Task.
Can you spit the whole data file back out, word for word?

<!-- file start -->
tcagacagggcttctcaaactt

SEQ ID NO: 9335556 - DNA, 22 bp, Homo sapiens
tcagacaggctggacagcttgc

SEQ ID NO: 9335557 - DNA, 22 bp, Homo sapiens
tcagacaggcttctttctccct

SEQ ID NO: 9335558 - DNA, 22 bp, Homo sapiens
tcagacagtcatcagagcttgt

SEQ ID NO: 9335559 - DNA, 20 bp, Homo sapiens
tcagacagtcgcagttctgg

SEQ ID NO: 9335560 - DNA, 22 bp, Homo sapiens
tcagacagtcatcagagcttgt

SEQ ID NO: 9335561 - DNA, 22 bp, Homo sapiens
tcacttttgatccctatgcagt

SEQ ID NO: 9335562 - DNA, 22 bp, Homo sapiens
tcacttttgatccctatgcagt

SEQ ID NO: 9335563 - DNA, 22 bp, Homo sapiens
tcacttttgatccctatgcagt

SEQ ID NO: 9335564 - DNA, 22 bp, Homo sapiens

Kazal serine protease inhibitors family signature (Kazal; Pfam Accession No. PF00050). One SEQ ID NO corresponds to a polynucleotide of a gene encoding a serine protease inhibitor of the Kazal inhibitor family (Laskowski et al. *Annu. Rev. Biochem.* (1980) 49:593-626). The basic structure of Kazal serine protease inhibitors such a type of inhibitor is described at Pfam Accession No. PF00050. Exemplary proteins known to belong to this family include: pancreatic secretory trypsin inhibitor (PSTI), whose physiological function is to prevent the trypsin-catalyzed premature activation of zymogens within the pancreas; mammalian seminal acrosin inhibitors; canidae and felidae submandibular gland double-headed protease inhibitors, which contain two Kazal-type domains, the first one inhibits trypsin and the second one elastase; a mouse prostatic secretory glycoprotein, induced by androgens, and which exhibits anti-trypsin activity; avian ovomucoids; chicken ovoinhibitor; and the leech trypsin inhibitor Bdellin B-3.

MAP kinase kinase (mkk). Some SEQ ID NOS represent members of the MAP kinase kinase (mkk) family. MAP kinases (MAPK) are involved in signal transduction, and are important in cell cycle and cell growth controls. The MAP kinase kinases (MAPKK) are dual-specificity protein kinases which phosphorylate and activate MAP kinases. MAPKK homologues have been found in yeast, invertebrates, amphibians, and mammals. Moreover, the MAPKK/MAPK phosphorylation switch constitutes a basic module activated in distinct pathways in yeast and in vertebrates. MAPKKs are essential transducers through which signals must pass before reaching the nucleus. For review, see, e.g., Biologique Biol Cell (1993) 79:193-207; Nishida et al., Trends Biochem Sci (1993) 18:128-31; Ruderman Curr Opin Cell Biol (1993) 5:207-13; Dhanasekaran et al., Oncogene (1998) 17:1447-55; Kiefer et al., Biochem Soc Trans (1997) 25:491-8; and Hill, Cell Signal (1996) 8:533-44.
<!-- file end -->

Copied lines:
tcagacagggcttctcaaactt

SEQ ID NO: 9335556 - DNA, 22 bp, Homo sapiens
tcagacaggctggacagcttgc

SEQ ID NO: 9335557 - DNA, 22 bp, Homo sapiens
tcagacaggcttctttctccct

SEQ ID NO: 9335558 - DNA, 22 bp, Homo sapiens
tcagacagtcatcagagcttgt

SEQ ID NO: 9335559 - DNA, 20 bp, Homo sapiens
tcagacagtcgcagttctgg

SEQ ID NO: 9335560 - DNA, 22 bp, Homo sapiens
tcagacagtcatcagagcttgt

SEQ ID NO: 9335561 - DNA, 22 bp, Homo sapiens
tcacttttgatccctatgcagt

SEQ ID NO: 9335562 - DNA, 22 bp, Homo sapiens
tcacttttgatccctatgcagt

SEQ ID NO: 9335563 - DNA, 22 bp, Homo sapiens
tcacttttgatccctatgcagt

SEQ ID NO: 9335564 - DNA, 22 bp, Homo sapiens

Kazal serine protease inhibitors family signature (Kazal; Pfam Accession No. PF00050). One SEQ ID NO corresponds to a polynucleotide of a gene encoding a serine protease inhibitor of the Kazal inhibitor family (Laskowski et al. *Annu. Rev. Biochem.* (1980) 49:593-626). The basic structure of Kazal serine protease inhibitors such a type of inhibitor is described at Pfam Accession No. PF00050. Exemplary proteins known to belong to this family include: pancreatic secretory trypsin inhibitor (PSTI), whose physiological function is to prevent the trypsin-catalyzed premature activation of zymogens within the pancreas; mammalian seminal acrosin inhibitors; canidae and felidae submandibular gland double-headed protease inhibitors, which contain two Kazal-type domains, the first one inhibits trypsin and the second one elastase; a mouse prostatic secretory glycoprotein, induced by androgens, and which exhibits anti-trypsin activity; avian ovomucoids; chicken ovoinhibitor; and the leech trypsin inhibitor Bdellin B-3.

MAP kinase kinase (mkk). Some SEQ ID NOS represent members of the MAP kinase kinase (mkk) family. MAP kinases (MAPK) are involved in signal transduction, and are important in cell cycle and cell growth controls. The MAP kinase kinases (MAPKK) are dual-specificity protein kinases which phosphorylate and activate MAP kinases. MAPKK homologues have been found in yeast, invertebrates, amphibians, and mammals. Moreover, the MAPKK/MAPK phosphorylation switch constitutes a basic module activated in distinct pathways in yeast and in vertebrates. MAPKKs are essential transducers through which signals must pass before reaching the nucleus. For review, see, e.g., Biologique Biol Cell (1993) 79:193-207; Nishida et al., Trends Biochem Sci (1993) 18:128-31; Ruderman Curr Opin Cell Biol (1993) 5:207-13; Dhanasekaran et al., Oncogene (1998) 17:1447-55; Kiefer et al., Biochem Soc Trans (1997) 25:491-8; and Hill, Cell Signal (1996) 8:533-44.